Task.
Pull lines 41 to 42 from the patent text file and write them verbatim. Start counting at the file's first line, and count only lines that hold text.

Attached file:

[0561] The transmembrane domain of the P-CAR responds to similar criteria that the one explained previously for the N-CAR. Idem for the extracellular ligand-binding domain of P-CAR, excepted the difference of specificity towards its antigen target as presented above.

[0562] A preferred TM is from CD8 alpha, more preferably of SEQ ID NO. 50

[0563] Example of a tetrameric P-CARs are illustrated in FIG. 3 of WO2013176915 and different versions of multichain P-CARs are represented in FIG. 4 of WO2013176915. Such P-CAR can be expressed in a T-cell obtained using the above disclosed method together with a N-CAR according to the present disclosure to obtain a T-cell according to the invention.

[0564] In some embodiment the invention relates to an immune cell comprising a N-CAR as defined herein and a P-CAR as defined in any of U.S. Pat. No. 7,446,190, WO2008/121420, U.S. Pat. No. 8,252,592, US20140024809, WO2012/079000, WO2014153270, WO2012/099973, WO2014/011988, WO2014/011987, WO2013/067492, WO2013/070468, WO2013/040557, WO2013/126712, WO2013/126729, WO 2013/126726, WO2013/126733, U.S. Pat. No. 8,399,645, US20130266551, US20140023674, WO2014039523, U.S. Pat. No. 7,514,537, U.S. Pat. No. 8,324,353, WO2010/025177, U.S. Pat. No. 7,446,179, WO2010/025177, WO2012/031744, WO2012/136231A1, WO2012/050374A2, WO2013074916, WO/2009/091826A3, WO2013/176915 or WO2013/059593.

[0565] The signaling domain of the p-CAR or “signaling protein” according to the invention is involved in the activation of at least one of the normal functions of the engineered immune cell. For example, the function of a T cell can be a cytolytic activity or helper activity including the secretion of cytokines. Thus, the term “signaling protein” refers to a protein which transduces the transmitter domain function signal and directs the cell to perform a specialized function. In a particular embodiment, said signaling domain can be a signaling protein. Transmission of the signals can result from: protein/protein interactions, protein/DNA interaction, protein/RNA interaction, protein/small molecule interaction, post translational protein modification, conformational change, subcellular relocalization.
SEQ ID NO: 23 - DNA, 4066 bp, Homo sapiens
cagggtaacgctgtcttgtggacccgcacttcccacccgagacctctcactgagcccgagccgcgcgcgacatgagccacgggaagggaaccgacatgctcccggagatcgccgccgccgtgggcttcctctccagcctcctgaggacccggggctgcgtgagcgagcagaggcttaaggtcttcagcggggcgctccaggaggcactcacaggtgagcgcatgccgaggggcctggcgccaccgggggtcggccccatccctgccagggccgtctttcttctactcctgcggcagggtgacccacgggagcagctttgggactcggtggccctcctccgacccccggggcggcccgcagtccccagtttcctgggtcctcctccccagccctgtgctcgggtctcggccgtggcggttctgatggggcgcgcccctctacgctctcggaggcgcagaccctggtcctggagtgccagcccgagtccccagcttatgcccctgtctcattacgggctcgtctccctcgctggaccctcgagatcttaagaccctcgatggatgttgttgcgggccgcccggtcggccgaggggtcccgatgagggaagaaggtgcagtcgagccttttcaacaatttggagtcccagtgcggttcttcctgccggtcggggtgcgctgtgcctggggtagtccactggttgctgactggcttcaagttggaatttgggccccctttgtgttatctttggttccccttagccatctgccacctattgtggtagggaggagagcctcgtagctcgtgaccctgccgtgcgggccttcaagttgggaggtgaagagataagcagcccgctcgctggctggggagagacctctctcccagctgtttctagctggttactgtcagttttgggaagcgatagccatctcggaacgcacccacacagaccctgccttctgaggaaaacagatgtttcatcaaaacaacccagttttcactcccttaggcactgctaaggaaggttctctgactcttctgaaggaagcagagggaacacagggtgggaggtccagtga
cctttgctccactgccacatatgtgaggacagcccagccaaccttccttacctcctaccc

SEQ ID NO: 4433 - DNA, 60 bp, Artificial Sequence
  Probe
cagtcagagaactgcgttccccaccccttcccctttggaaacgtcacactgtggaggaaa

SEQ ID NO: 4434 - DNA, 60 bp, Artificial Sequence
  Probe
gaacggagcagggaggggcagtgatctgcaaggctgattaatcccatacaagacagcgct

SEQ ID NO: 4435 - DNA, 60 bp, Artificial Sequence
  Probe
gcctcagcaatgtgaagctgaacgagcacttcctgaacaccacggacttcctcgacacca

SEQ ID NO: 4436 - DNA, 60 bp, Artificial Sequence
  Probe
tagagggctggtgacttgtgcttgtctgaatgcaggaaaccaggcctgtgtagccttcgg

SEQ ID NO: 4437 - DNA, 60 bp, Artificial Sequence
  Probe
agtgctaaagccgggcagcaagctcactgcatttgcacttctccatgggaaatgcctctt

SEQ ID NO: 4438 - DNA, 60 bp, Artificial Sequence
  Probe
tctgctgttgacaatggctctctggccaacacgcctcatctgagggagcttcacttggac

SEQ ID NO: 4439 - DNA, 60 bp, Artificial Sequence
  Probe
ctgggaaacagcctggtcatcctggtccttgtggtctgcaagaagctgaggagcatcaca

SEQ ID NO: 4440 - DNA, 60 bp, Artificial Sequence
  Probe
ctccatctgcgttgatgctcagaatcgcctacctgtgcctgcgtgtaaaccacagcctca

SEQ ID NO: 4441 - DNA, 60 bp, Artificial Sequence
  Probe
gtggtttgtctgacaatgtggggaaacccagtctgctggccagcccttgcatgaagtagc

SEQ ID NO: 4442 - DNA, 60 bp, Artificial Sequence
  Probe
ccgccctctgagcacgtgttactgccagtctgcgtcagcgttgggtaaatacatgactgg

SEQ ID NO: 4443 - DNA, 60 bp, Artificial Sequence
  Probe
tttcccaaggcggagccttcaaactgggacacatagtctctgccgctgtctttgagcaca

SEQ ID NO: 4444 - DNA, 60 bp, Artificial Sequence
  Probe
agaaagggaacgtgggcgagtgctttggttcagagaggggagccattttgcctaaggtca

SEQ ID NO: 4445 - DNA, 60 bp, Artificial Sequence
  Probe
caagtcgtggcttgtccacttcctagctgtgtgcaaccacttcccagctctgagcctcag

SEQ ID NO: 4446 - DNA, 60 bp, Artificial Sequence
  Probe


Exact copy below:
tttcccaaggcggagccttcaaactgggacacatagtctctgccgctgtctttgagcaca

SEQ ID NO: 4444 - DNA, 60 bp, Artificial Sequence